£17K OTE £30K: Charter Selection: Highly successful and innovative specialist...

    SQL DBA/ C# Developer - T-SQL, C#.Net

    £45000 - £55000 per annum + Benefits: Ashdown Group: Working with an exciting ...

    Sales and Office Administrator – Sports Media

    £23,000: Sauce Recruitment: A global leader in sports and entertainment is now...

    Day In a Page

    All this talk of an ‘apocalyptic’ threat is simply childish

    Robert Fisk: All this talk of an ‘apocalyptic’ threat is simply childish

    Chuck Hagel and Martin Dempsey were pure Hollywood. They only needed Tom Cruise
    Mafia Dons: is the Camorra in control of the Granite City?

    Mafia Dons: is the Camorra in control of the Granite City?

    So claims an EU report which points to the Italian Mob’s alleged grip on everything from public works to property
    Emmys look set to overhaul the Oscars as Hollywood’s prize draw

    Emmys look set to overhaul the Oscars as Hollywood’s prize draw

    Once the poor relation, the awards show now has the top stars and boasts the best drama
    What happens to African migrants once they land in Italy during the summer?

    What happens to migrants once they land in Italy?

    Memphis Barker follows their trail through southern Europe
    French connection: After 1,300 years, there’s a bridge to Mont Saint-Michel

    French connection: After 1,300 years, there’s a bridge to Mont Saint-Michel

    The ugly causeway is being dismantled, an elegant connection erected in its place. So everyone’s happy, right?
    Frank Mugisha: Uganda's most outspoken gay rights activist on changing people's attitudes, coming out, and the threat of being attacked

    Frank Mugisha: 'Coming out was a gradual process '

    Uganda's most outspoken gay rights activist on changing people's attitudes, coming out, and the threat of being attacked
    Radio 1 to hire 'YouTube-famous' vloggers to broadcast online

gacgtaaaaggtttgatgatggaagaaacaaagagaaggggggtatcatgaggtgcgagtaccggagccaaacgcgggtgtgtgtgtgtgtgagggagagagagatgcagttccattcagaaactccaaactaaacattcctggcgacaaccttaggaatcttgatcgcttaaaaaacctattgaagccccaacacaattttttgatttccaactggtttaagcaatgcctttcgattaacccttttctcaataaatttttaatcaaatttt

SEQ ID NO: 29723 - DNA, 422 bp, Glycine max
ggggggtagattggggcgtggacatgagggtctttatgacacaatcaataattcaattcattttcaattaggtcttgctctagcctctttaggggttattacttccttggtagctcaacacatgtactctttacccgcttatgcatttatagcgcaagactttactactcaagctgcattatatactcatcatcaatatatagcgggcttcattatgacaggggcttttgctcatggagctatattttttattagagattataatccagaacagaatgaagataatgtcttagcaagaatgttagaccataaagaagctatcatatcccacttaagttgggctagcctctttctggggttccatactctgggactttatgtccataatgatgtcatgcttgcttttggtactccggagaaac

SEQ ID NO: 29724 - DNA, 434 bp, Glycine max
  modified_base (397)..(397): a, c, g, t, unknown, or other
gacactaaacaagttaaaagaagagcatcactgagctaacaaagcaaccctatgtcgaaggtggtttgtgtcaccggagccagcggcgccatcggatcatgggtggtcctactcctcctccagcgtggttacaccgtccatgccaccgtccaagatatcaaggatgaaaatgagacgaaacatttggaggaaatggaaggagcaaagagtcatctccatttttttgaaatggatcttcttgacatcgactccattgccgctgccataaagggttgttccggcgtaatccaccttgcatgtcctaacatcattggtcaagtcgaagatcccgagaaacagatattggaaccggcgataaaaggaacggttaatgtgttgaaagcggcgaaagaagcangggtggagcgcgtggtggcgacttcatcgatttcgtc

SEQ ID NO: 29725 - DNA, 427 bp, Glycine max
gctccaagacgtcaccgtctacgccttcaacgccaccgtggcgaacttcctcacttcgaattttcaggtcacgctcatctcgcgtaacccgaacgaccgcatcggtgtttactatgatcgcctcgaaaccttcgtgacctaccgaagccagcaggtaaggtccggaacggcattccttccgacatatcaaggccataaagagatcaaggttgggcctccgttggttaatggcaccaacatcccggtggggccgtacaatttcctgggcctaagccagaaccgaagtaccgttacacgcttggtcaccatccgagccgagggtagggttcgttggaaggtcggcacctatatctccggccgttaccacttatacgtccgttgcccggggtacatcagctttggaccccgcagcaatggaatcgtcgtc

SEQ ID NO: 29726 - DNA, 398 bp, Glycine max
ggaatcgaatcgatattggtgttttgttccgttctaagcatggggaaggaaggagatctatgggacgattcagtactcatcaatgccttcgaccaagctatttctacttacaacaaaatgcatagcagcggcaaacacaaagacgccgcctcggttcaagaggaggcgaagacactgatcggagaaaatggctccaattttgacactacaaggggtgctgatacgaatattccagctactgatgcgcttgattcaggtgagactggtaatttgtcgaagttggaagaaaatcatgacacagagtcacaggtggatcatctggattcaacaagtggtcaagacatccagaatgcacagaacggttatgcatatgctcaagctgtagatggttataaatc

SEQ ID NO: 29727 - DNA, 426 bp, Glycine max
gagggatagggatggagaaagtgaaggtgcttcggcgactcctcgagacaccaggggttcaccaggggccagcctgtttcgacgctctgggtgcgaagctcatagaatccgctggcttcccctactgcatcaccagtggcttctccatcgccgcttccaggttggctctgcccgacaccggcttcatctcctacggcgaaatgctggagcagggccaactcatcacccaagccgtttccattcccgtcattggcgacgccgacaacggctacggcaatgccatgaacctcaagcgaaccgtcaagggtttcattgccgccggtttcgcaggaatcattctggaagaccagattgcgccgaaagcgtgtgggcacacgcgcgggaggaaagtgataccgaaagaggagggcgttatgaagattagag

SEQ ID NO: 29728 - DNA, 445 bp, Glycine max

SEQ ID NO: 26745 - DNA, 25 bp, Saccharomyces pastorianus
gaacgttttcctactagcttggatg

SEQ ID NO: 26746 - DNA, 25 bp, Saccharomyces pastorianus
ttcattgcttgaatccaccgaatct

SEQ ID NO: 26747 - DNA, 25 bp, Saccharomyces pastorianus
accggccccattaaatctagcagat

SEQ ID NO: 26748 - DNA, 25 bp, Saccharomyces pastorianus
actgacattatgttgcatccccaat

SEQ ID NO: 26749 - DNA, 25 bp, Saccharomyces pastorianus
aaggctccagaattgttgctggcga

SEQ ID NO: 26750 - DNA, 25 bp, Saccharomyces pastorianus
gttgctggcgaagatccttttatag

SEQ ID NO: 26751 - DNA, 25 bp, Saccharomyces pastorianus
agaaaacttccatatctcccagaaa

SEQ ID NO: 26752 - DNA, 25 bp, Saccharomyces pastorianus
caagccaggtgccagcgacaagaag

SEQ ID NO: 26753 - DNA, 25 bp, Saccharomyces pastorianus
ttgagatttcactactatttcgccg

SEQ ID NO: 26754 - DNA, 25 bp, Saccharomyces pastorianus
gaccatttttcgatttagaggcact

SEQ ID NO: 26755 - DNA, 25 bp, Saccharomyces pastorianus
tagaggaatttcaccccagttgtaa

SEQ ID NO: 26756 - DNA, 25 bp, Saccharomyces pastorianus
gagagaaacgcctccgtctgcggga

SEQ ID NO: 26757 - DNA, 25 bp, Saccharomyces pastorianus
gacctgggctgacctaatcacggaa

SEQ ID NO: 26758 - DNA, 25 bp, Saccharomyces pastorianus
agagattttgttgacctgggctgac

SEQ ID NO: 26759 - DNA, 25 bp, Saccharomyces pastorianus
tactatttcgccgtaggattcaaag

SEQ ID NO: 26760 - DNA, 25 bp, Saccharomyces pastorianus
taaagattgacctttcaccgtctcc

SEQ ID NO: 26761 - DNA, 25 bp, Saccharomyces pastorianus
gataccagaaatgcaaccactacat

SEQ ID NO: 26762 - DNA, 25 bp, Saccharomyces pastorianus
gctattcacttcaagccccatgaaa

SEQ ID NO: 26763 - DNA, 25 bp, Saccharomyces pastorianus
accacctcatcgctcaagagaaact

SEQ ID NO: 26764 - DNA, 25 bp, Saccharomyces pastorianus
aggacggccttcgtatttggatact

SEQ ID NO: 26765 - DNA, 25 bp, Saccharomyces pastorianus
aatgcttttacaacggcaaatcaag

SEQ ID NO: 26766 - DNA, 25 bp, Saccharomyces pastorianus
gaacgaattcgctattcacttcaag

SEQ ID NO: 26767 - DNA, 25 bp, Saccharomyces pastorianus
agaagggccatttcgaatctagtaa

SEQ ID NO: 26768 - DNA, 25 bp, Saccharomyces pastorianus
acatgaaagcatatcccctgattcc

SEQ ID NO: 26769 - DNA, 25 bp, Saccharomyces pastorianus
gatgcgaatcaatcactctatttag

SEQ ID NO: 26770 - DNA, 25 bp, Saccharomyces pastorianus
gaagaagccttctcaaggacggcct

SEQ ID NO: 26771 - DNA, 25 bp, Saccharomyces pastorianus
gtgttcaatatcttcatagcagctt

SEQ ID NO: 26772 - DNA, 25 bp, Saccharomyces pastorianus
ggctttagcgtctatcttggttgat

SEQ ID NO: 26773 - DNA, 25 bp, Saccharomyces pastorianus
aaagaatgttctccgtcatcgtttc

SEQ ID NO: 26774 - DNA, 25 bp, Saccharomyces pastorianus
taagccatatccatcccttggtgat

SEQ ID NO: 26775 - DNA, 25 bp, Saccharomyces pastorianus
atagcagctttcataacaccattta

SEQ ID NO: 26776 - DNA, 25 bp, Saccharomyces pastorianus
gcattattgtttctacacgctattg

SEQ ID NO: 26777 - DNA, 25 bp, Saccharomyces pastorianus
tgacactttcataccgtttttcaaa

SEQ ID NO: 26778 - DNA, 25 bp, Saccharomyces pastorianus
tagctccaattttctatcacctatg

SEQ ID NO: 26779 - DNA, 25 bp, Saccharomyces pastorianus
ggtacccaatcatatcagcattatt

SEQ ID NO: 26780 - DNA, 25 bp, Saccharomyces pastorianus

Radio 1’s new top ten

    The ‘vloggers’ signed up to find twentysomething audience
    David Abraham: Big ideas for the small screen

    David Abraham: Big ideas for the small screen

    A blistering attack on US influence on British television has lifted the savvy head of Channel 4 out of the shadows
    Florence Knight's perfect picnic: Make the most of summer's last Bank Holiday weekend

    Florence Knight's perfect picnic

    Polpetto's head chef shares her favourite recipes from Iced Earl Grey tea to baked peaches, mascarpone & brown sugar meringues...
    Horst P Horst: The fashion photography genius who inspired Madonna comes to the V&A

    Horst P Horst comes to the V&A

    The London's museum has delved into its archives to stage a far-reaching retrospective celebrating the photographer's six decades of creativity
    Mark Hix recipes: Try our chef's summery soups for a real seasonal refresher

    Mark Hix's summery soups

    Soup isn’t just about comforting broths and steaming hot bowls...
    Tim Sherwood column: 'It started as a three-horse race but turned into the Grand National'

    Tim Sherwood column

    I would have taken the Crystal Palace job if I’d been offered it soon after my interview... but the whole process dragged on so I had to pull out
    Eden Hazard: Young, gifted... not yet perfect

    Eden Hazard: Young, gifted... not yet perfect

    Eden Hazard admits he is still below the level of Ronaldo and Messi but, after a breakthrough season, is ready to thrill Chelsea’s fans
    Tim Howard: I’m an old dog. I don’t get too excited

    Tim Howard: I’m an old dog. I don’t get too excited

    The Everton and US goalkeeper was such a star at the World Cup that the President phoned to congratulate him... not that he knows what the fuss is all about
    Match of the Day at 50: Show reminds us that even the most revered BBC institution may have a finite lifespan – thanks to the opposition

    Tom Peck on Match of the Day at 50

    The show reminds us that even the most revered BBC institution may have a finite lifespan – thanks to the opposition